Car vs Scooter

Your usual method of transportation.

  • Scooter
  • Car
  • other (MRT, bus, bike, footin’ it, etc.)

0 voters

What are some pros and cons? I know there must be a lot of scooter riders out there, but how do you car drivers feel about your purchases?

I’ll get the basics out of the way early:

Scooter Pros: Cost (cheap to buy, cheap to maintain, etc.), convenience, parking isn’t such a hassle.

Scooter Cons: Not safe, could get stolen.

Car Pros: Safe, good for long distance traveling, A/C, can take more the 2 other friends with you :wink: .

Car Cons: Cost (maintanence, gas, etc.), parking is a hassle, I assume insurances and such woulds suck.

I’ve been considering buying a scooter for a while. Some days I’m all amped and feel like buying one “Right now!”, other days (after witnessing an accident or something) I tell myself “You know, maybe I’ll save up and buy a car.” I’d like to hear from people from booth schools of thought.

My current thinking is having a scooter around the house for weekend chilling (but not for going to work) and a car for weekend trips (would I ever really use it?) I’ve met many people that feel strongly one way or the other.

Ok discuss. :smiley:

I stopped driving a scooter for anything more than a trip to the convienience store after I saw someone dead on the street after getting hit by a truck (leg twisted behind the head [human pretzel]). Ask around, almost every one that has been in Taiwan for a while and uses a scooter often has been in a serious accident or knows somethat that has.

Besides safety, you forgot to mention driving in the rain, fatigue on long trips, non-adquate storage, sucking bus fumes and getting your clothes dirty as scooter cons. Also, you can’t use the highways to get around on a scooter. Contrary to popular belief the highways are not marred in traffic.

For short trips and to places where parking is far away, a scooter is a good call. If you can afford it, I would suggest both a car and a scooter.

Only drawback of driving all of the time, is that you tend to go to areas that have parking, Breeze Center area(free parking with a Breeze center card), Warner Village Area, Westin area, the Mall on TunHwa and so on. You learn where all of the parking lots are.

I guess it depends on where you live too. I prefer to live in the suburbs on a mountain in a 3 story Western style townhouse. There is nothing like it downtown and if there were it would 3 to 4 times the price. I can zip into the city on any number of highways and be just about anywhere downtown faster than most of you guys can get around.

With all of that said, living downtown and walking or taking public transport is nice. Taking taxis all of the time might even be cheaper than having a car and a scooter really is super convienient and safe if you are careful. Downtown Taipei seems safer, some of the anything goes suburbs are crazy no matter what you are driving and the way people drive here driving a car induces stress. Cars are also over priced here although repair is relatively cheap. After driving a car for so long I couldn’t go back to only a scooter, but depends on where you live. If I lived donwtown, I might use a scooter and public transport more…blah blah blah…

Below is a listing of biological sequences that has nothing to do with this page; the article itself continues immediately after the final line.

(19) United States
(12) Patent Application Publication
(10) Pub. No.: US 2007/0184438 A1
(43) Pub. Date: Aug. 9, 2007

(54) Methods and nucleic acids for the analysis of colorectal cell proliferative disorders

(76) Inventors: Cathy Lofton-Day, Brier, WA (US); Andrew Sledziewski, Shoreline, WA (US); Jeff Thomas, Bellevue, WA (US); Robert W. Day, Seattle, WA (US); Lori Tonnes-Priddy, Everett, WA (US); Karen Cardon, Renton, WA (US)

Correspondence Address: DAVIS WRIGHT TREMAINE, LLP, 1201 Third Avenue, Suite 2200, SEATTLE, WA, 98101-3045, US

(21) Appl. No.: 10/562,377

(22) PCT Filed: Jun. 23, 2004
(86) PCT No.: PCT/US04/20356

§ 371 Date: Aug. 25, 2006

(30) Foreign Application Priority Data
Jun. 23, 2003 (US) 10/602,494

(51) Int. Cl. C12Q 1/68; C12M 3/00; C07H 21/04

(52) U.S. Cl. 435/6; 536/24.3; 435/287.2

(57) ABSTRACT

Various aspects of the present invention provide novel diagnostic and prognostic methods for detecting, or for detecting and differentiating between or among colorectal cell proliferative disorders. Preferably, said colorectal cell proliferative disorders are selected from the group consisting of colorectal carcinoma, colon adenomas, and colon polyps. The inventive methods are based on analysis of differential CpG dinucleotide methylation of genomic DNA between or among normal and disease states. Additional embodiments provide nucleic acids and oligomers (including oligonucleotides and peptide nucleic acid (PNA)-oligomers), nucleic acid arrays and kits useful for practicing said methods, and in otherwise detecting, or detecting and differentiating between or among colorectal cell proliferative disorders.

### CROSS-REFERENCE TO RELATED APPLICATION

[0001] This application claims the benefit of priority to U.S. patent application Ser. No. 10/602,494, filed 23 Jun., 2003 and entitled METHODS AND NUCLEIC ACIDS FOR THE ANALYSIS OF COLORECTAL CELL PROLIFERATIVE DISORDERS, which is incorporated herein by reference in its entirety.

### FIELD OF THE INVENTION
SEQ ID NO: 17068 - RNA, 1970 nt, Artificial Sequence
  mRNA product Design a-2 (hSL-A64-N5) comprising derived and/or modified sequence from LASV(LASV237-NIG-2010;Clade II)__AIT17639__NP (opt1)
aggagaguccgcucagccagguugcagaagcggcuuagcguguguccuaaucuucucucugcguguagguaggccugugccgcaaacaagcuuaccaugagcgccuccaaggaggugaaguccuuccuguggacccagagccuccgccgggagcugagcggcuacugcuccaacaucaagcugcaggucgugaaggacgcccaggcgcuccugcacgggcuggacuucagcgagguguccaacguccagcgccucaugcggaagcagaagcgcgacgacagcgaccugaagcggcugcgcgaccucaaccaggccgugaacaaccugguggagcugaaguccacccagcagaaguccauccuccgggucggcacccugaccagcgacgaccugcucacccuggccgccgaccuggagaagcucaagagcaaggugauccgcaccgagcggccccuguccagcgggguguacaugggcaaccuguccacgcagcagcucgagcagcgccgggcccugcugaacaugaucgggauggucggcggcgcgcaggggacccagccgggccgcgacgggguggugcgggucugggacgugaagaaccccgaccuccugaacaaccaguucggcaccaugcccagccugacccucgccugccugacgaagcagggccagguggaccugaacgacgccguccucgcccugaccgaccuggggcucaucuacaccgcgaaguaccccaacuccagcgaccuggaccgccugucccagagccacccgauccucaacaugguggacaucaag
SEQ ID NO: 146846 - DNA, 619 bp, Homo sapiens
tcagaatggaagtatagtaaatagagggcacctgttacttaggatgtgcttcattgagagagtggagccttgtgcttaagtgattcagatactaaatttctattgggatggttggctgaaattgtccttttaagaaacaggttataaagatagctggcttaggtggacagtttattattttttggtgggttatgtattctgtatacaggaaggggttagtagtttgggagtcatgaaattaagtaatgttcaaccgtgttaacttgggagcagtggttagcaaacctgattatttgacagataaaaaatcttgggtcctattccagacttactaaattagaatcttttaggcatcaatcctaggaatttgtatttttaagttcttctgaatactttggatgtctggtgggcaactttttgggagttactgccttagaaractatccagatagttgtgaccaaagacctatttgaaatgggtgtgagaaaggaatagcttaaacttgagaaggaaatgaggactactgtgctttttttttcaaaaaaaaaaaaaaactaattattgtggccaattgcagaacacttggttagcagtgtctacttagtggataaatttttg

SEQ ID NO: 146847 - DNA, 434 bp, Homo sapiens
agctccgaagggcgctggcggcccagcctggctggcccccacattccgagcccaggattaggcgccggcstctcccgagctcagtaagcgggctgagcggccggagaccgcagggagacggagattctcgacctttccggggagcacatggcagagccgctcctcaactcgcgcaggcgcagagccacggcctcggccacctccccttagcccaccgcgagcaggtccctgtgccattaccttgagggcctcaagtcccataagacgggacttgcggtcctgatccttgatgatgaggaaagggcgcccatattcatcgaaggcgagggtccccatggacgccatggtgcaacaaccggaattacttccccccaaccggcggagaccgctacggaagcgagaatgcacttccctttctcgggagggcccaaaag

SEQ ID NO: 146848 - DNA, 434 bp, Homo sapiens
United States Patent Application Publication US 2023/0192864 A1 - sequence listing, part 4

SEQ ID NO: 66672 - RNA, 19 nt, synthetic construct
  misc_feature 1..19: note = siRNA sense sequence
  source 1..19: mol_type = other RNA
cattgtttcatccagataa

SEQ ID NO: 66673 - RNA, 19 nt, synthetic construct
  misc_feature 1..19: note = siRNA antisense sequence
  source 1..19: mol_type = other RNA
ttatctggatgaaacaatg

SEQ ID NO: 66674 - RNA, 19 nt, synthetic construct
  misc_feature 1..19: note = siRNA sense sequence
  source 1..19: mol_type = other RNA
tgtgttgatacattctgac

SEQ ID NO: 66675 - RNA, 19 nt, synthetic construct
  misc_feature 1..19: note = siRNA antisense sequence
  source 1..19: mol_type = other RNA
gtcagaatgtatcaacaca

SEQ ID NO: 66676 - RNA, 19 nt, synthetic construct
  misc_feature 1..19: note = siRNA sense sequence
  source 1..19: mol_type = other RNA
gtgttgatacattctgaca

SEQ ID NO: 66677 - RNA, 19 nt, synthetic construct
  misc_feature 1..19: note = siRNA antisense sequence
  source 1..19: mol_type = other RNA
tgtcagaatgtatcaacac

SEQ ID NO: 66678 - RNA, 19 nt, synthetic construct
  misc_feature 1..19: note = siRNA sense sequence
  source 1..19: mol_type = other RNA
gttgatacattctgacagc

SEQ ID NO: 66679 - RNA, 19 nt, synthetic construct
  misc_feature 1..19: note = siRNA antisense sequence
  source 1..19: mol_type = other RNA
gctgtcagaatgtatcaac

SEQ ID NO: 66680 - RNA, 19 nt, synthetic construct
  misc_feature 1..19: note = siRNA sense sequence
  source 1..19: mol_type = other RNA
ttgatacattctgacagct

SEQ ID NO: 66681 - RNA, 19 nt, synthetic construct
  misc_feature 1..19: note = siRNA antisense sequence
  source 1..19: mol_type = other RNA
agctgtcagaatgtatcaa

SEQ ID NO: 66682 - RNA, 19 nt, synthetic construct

I’m ashamed to say that I am a two-vehicle one-person household. Even the doorman says ‘Two vehicles are too many! They use too much gas!’ (does he think that when I take one out, the other goes out for a sneaky little drive by itself like the brooms in Fantasia?)

BUT… both my vehicles are two-wheeled. One is a tiny little Dio 50cc scooter. The other is a rather bigger Yamaha FZ150 motorcycle with a tall black top box welded on and a frame which looks bulkier than a meagre 150cc would suggest.

They have distinct uses. The Dio is for everyday use; shopping runs, trips to the swimming pool etc. It’s convenient, easy to park and quick enough for the job. The FZ is for weekend trips in the mountains, scaring dogs and other kinds of fun.

Regarding safety; you are undoubtedly safer in a car, the bigger the better as people will steer clear of you. (Although I’m sure cars are also thief magnets and petty vandalism such as paint-scratching is common).
Yet there are a number of things that every 2-wheeled vehicle rider should consider doing;

Get a decent, full-face helmet. 2000NT is a minimum in my opinion; you should really pay more. Around 3-4000NT you can get a reasonably strong Taiwan-made helmet but it will probably be quite heavy, and hot in the summer. Around 7-8000 is the entry price for a DOT, CE and Snell certified helmet made by Arai (the best), Shoei or maybe Suomy (supposed to be nearly as good as the first two but a fair bit cheaper - there’s a dealer in Taipei - let me check this out and get back to you).

A protective jacket, worn at all times while riding the motorcycle, would be a very good idea, not only to protect your skin but also your internal organs. I’m in the process of ordering one now. There are modern ones which have a lot of polyester mesh in their construction and are cool to wear in the summer. Any jacket should have CE certified armour in the shoulders and elbows, and preferably the back as well. Some manufacturers are Brosh, Fieldsheer, Joe Rocket, Triumph and Marsee. Expect to pay between 4000-8000NT.

Perhaps the most important thing; a defensive riding mentality. Some good, experienced riders (even one in Taiwan) have said that you should regard any ‘accident’ you get into as your fault. This may sound a bit crazy but it indicates the type of thinking you need. You must look at the current road situation and anticipate possible happenings at all times. Expect someone to pull out in front of you, etc. There is some useful information and 3-d simulations at the Motorcycle Safety Foundation’s website;

although some of their recommendations seem a little optimistic given the crowded state of Taiwan’s roads.

I really enjoy riding both bikes, and riding a bike on weekend trips is a great way to see Taiwan’s countryside close up. It’s not so nice in the rain though, and of course you can’t take more than one friend along unless your friends are also into bikes.

Hope this is of some help.

I have both and swear by it. For work, I have a scooter. Reliable, faster than any car in the city (or even out of it - during rush hour), and relatively safe IF you’re confident about your skills. My car is great for weekends, for drinking (My sober wife drives, and I fiddle with the stereo), and for when it is pouring buckets. Parking isn’t so bad if you know where to go. I love having both.